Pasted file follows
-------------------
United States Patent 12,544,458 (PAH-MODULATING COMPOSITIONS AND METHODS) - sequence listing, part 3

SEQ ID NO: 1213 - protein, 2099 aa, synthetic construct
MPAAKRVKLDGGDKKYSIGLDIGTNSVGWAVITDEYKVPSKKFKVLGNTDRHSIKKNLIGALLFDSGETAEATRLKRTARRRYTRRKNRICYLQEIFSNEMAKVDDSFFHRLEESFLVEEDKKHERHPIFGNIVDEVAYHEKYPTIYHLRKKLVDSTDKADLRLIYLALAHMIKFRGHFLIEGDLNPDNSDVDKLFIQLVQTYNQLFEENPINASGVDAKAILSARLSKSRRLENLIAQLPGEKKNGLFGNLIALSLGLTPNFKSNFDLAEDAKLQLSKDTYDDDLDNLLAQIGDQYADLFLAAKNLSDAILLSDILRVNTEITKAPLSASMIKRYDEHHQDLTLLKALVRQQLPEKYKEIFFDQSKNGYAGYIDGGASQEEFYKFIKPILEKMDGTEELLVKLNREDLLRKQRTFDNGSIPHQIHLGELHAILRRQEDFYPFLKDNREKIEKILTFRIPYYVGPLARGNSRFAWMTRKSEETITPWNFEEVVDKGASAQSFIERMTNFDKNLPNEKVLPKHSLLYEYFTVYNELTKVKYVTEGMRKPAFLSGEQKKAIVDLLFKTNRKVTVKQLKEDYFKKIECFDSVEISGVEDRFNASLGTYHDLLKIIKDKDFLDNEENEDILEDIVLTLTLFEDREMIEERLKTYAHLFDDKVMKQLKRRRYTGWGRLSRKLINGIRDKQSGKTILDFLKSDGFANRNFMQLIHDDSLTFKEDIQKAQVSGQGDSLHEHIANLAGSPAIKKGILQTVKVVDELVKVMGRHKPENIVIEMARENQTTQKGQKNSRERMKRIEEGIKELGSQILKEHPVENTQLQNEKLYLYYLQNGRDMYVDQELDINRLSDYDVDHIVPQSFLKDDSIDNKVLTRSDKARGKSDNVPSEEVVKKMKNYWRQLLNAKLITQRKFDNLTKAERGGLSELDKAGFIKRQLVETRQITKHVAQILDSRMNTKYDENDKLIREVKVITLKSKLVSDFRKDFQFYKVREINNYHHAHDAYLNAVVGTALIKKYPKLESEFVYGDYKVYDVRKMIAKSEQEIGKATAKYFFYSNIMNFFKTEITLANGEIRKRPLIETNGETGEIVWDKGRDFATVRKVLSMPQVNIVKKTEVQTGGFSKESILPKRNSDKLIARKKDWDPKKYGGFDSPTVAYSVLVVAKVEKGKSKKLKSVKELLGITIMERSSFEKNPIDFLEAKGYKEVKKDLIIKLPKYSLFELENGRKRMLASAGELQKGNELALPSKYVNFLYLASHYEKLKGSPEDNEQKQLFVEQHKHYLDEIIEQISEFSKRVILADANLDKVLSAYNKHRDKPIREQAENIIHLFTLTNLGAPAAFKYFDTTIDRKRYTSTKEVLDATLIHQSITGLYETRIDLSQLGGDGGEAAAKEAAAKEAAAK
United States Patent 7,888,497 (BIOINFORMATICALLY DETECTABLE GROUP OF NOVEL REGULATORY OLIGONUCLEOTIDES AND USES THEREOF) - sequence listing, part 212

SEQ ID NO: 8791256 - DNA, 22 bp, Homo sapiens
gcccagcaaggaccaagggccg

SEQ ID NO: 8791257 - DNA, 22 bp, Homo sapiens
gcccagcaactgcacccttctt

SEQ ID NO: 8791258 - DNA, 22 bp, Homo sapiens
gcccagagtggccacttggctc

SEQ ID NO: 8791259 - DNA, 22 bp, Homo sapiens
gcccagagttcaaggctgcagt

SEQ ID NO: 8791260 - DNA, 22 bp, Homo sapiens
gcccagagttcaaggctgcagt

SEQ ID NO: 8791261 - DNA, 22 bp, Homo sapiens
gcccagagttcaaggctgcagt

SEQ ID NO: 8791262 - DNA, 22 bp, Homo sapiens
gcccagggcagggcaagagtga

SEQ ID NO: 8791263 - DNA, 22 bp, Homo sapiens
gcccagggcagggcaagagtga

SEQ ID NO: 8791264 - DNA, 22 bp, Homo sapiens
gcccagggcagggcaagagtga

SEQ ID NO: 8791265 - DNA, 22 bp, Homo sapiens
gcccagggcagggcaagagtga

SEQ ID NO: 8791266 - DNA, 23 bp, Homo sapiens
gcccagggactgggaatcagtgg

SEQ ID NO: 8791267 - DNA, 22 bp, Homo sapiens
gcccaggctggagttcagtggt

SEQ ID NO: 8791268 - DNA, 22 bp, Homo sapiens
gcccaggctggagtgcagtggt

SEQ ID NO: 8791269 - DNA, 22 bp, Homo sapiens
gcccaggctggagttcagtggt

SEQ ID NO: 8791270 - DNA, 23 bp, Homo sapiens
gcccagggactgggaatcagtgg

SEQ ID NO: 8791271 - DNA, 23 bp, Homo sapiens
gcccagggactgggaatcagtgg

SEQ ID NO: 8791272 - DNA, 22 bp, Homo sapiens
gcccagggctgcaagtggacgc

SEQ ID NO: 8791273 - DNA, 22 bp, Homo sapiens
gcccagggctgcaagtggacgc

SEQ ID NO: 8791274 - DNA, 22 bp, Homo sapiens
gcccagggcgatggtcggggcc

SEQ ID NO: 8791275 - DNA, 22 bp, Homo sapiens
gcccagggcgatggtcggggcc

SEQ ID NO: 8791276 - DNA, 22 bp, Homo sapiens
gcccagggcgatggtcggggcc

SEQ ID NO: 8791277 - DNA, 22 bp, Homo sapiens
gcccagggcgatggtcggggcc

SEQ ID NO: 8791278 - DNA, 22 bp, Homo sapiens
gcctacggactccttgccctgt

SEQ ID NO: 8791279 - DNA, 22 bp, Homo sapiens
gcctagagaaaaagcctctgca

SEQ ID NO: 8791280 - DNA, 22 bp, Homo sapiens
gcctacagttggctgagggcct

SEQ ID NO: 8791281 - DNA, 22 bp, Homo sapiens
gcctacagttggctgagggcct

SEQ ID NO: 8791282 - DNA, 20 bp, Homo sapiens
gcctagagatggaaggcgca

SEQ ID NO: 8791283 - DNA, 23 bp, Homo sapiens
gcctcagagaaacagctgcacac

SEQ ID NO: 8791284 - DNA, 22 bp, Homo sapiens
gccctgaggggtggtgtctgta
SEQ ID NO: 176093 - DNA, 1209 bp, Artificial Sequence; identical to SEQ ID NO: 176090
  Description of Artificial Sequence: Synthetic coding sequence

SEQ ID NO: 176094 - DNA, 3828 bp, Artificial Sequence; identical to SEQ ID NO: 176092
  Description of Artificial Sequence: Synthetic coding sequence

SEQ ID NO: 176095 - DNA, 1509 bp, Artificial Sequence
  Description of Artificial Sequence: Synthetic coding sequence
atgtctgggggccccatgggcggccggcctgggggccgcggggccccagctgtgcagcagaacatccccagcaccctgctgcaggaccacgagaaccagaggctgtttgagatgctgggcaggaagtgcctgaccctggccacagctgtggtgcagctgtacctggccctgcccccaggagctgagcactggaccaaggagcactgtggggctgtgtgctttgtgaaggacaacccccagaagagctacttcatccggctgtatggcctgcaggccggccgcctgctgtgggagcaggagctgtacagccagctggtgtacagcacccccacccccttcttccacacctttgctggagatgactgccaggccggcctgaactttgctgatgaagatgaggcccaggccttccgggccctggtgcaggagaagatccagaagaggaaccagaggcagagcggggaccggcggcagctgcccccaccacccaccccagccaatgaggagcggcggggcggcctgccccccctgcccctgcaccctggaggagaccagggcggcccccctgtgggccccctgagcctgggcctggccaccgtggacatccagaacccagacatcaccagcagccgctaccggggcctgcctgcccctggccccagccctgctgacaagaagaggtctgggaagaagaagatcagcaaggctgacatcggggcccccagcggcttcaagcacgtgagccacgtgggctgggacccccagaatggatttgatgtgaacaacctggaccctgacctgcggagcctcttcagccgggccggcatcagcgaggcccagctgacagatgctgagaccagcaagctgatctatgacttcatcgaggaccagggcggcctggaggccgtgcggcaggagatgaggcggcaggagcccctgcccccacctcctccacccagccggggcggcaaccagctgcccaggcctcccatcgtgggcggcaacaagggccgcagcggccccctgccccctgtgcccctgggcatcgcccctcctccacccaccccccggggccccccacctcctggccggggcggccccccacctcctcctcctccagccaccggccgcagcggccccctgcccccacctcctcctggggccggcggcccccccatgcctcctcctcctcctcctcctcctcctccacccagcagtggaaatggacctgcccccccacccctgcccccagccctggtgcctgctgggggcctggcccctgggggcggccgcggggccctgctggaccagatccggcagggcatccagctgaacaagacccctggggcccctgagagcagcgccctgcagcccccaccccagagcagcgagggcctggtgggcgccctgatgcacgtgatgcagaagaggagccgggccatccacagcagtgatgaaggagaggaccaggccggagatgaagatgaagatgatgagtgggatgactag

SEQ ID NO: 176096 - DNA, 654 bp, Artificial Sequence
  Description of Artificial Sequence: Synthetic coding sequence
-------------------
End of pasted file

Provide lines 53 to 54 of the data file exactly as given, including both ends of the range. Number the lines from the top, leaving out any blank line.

SEQ ID NO: 8791280 - DNA, 22 bp, Homo sapiens
gcctacagttggctgagggcct